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Gina's Top Tips - Preparing to introduce solids and the first stage of weaning

Before you start introducing solids into your baby's diet, there are certain preparations and practices that you need to make second nature.
  • When preparing food, ensure all surfaces are clean and wiped with anti-bacterial cleaner. Kitchen paper is more hygienic than cloths and towels.
  • All fresh fruit and vegetables should be carefully peeled, and any core, pips and blemishes removed. They should be rinsed thoroughly with filtered water.
  • All fruits and vegetables should be cooked by steaming or boiling in filtered water. Do not add salt, sugar or honey.
  • Cook food until it is soft enough to be pureed to a very smooth consistency - similar to that of smooth yoghurt. A small amount of the cooking water may be needed.
  • If using a food processor, check the mixture carefully for lumps by spooning or pouring it into another bowl. When lump-free, transfer to ice-cube trays or small containers for storage in the freezer.
  • Freshly prepared food should be cooled and put in the fridge or freezer as soon as possible.
  • Buy organic produce whenever possible, and avoid packet foods containing artificial flavourings, added sugars or fillers, such as maltodextrin.
  • Food should be heated thoroughly to ensure that bacteria are killed.
  • Make sure the food is cool enough before feeding it to your baby. Using a separate spoon, touch a small amount to your lips to check it is not too hot.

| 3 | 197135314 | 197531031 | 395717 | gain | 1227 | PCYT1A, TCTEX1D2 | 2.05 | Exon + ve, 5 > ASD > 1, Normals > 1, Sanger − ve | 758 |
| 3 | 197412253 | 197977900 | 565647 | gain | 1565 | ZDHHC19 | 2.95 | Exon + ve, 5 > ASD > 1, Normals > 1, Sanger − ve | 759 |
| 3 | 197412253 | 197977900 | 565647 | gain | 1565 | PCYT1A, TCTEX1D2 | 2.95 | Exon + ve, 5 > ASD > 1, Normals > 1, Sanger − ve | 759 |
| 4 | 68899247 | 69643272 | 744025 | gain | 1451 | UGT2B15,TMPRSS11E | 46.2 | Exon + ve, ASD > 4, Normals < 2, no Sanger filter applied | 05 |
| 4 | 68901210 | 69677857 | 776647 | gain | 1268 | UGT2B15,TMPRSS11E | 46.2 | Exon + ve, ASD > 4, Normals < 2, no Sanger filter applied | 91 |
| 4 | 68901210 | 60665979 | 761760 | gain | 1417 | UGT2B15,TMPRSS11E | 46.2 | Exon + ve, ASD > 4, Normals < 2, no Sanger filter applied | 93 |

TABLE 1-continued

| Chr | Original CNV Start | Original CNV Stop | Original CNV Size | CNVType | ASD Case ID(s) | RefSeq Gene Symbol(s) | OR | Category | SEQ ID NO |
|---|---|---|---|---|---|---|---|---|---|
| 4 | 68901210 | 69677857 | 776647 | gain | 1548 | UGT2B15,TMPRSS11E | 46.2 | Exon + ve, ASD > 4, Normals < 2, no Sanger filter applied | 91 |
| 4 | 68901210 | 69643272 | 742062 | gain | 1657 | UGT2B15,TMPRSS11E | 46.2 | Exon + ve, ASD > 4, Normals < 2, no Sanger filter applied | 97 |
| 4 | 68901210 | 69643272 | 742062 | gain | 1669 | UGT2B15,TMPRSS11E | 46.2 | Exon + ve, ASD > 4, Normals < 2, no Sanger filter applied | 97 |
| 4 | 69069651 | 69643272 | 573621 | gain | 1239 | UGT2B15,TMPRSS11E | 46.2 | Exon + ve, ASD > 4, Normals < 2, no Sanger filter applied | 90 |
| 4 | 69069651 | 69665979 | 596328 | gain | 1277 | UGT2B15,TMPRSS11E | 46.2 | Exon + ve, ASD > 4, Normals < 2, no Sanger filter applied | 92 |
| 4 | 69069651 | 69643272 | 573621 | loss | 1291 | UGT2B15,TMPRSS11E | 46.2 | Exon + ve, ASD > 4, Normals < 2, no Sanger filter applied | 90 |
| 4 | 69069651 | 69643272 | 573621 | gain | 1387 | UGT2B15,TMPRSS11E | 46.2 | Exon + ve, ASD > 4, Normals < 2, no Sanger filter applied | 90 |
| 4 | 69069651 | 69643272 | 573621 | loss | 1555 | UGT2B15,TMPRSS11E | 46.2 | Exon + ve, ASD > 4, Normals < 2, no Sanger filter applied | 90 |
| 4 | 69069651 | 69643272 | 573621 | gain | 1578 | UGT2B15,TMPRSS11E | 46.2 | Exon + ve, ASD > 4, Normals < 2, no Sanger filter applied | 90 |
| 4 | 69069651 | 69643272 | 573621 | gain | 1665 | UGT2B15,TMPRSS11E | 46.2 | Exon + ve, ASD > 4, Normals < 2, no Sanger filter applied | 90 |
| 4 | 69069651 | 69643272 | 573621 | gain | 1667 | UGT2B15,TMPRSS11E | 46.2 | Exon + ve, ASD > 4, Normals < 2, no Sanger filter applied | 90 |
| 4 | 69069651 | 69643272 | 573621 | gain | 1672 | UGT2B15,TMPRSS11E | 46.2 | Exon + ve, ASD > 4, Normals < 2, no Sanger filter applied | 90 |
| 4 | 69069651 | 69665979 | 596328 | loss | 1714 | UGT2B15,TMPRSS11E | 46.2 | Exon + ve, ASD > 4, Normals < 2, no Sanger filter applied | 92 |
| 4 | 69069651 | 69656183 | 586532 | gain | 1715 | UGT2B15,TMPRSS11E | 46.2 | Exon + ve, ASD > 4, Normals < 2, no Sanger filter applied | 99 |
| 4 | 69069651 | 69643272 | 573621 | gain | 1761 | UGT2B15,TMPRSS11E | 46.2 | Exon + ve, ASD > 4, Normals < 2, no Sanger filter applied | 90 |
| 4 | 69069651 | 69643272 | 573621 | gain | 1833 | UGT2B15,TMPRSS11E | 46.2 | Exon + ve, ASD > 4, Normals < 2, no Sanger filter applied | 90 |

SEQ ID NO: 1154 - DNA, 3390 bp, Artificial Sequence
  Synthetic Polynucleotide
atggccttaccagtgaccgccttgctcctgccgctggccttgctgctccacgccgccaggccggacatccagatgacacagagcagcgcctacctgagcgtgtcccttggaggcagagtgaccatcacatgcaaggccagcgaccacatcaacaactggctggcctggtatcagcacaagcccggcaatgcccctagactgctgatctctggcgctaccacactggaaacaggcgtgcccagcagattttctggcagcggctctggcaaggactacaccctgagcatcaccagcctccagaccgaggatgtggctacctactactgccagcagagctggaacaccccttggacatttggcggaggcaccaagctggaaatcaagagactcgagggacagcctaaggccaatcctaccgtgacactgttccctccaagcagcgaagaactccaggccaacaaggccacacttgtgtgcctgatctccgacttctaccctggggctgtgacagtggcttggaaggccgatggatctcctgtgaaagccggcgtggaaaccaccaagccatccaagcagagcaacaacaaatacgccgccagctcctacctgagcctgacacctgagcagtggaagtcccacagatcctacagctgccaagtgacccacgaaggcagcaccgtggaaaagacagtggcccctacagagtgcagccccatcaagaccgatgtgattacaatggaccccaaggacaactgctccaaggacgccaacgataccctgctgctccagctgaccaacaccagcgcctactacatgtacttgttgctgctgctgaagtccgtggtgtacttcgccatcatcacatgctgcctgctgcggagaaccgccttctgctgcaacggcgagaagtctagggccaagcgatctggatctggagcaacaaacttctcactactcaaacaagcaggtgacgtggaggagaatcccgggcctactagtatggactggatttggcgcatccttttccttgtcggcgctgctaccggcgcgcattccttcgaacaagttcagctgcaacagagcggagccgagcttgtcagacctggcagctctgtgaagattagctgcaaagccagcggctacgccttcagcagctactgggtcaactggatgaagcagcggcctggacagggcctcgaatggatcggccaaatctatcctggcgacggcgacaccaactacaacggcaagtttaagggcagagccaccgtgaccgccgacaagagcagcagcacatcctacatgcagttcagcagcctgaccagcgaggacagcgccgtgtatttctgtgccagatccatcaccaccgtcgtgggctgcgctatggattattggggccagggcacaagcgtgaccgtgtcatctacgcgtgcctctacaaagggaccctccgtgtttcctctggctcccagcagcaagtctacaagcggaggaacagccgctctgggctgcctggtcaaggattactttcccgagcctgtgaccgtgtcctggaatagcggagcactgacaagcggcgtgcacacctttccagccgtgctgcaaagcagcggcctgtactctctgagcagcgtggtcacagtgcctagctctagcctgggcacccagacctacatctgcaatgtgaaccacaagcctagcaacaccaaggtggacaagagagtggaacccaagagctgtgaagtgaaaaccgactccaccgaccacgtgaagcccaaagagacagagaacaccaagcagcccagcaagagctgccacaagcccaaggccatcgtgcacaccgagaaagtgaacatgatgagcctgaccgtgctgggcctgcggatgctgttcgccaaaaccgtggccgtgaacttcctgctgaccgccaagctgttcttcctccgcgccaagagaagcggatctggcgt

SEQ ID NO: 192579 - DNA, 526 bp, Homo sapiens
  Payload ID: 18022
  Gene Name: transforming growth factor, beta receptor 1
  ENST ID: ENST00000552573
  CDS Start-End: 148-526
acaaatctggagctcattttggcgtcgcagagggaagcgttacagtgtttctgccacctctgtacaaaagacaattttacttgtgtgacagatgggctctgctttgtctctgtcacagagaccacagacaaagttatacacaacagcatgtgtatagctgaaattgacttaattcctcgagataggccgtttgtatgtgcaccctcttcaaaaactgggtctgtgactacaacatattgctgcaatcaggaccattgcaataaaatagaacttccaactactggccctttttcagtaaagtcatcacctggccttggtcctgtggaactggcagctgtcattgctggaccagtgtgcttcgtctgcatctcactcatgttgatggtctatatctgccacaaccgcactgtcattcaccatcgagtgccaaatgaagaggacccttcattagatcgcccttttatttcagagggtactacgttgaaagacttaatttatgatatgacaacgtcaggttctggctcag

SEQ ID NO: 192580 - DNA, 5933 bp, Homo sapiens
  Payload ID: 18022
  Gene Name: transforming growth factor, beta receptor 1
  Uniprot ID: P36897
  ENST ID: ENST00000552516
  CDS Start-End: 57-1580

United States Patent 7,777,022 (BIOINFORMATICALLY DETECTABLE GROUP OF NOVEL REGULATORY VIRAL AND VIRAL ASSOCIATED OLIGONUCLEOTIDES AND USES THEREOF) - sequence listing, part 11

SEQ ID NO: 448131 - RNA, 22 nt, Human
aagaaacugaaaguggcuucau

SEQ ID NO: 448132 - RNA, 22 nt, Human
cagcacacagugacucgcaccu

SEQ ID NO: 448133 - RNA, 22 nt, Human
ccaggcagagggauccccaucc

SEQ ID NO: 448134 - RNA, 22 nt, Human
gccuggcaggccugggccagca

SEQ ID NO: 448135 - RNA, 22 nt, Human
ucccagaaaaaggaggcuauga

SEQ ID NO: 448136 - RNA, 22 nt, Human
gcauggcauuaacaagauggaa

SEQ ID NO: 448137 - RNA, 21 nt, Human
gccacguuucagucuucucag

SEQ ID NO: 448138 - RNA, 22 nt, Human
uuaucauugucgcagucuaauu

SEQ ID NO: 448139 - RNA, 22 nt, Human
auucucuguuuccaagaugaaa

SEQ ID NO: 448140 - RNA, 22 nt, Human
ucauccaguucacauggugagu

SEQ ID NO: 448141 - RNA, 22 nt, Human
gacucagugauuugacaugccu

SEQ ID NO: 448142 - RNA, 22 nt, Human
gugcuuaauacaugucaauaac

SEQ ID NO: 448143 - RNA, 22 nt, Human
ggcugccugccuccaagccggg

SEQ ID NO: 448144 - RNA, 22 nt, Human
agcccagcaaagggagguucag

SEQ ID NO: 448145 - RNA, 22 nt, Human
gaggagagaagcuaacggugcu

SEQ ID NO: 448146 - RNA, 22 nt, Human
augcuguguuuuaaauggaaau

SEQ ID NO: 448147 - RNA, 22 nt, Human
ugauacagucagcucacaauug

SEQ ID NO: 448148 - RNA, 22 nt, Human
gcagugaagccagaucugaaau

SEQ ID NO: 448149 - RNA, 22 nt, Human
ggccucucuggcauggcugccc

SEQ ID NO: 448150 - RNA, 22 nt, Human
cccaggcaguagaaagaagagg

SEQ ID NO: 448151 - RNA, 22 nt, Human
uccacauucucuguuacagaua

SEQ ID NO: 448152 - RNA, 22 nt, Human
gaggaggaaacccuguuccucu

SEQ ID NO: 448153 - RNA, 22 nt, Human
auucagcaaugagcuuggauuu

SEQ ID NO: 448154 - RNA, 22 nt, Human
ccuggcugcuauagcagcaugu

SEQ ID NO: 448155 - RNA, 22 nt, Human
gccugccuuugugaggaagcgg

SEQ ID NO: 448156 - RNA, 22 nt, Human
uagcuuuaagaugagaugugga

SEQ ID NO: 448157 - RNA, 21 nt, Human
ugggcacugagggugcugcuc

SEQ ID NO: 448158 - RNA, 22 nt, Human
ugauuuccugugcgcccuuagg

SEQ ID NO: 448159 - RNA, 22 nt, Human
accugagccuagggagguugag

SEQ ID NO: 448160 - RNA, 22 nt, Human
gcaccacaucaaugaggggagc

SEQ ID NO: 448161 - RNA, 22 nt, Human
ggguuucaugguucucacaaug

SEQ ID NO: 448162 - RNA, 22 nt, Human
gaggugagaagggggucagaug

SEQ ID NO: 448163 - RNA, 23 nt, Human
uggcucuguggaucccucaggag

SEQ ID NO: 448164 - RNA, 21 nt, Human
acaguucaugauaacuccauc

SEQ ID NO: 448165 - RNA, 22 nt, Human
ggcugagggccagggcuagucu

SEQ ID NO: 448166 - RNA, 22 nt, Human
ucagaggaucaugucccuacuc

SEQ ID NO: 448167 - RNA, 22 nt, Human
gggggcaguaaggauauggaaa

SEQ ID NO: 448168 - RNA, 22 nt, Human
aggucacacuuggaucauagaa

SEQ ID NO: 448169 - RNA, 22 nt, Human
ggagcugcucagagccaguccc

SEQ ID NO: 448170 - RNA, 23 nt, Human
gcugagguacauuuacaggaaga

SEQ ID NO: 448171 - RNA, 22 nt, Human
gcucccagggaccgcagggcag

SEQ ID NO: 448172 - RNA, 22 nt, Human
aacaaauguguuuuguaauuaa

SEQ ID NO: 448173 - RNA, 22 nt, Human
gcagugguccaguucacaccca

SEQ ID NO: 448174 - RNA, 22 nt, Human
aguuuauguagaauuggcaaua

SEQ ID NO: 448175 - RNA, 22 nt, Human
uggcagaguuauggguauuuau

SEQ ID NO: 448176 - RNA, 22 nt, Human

• Never feed straight from a jar - always transfer the contents to a dish. Leftovers should always be discarded.
  • Arrange all the feed equipment in advance: baby chair, two bibs, two spoons and a clean, fresh, damp cloth,
  • Use a shallow plastic spoon, never a metal one.
  • Some babies need help learning how to feed from a spoon. Place the spoon just inside your baby's mouth and bring it up and out against the roof of his mouth so that his upper gums remove the food, encouraging him to feed.
  • Always be positive and smile when offering new foods. If your baby spits something out, it may not mean that he dislikes it - simply that he is unfamiliar with it. If he positively refuses a food, leave it and try again in a week's time.
  • Be guided by your baby as to when to increase amounts. Offer him the whole meal - he will turn his head away and get fussy when he has had enough. Increase the amounts once he is happy to eat anything you offer him and appears to want more.
  • Encourage him to sit in his chair and entertain himself while you clear up. Any cloths and bibs should be put straight in to soak.

First stage of weaning

Suggested foods to introduce

The following foods are all excellent first tastes of solids: baby rice, pear, apple, carrot, sweet potato, potato, green beans, courgettes and swede. Once your baby is happily taking these foods you can introduce the following: oats, parsnips, mango, peaches, broccoli, avocado, barley, peas, cauliflower.

  • During this stage, babies should taste cereal, plus a variety of fruit and vegetables.
  • A baby may be ready to start having breakfast, once he shows signs of hunger long before his 11am feed. Organic oatmeal cereal with a small amount of pureed fruit seems to be a favourite with most babies
  • You should still give your baby most of his milk feed first
  • Your baby still needs a minimum of 600ml (20oz) of milk a day. Give milk feeds at breakfast, lunch, afternoon and evening supplementing them with vegetable puree at lunch, and baby rice and fruit puree in the evening.
(from Gina Ford's Top Tips for Contented Babies and Toddlers)
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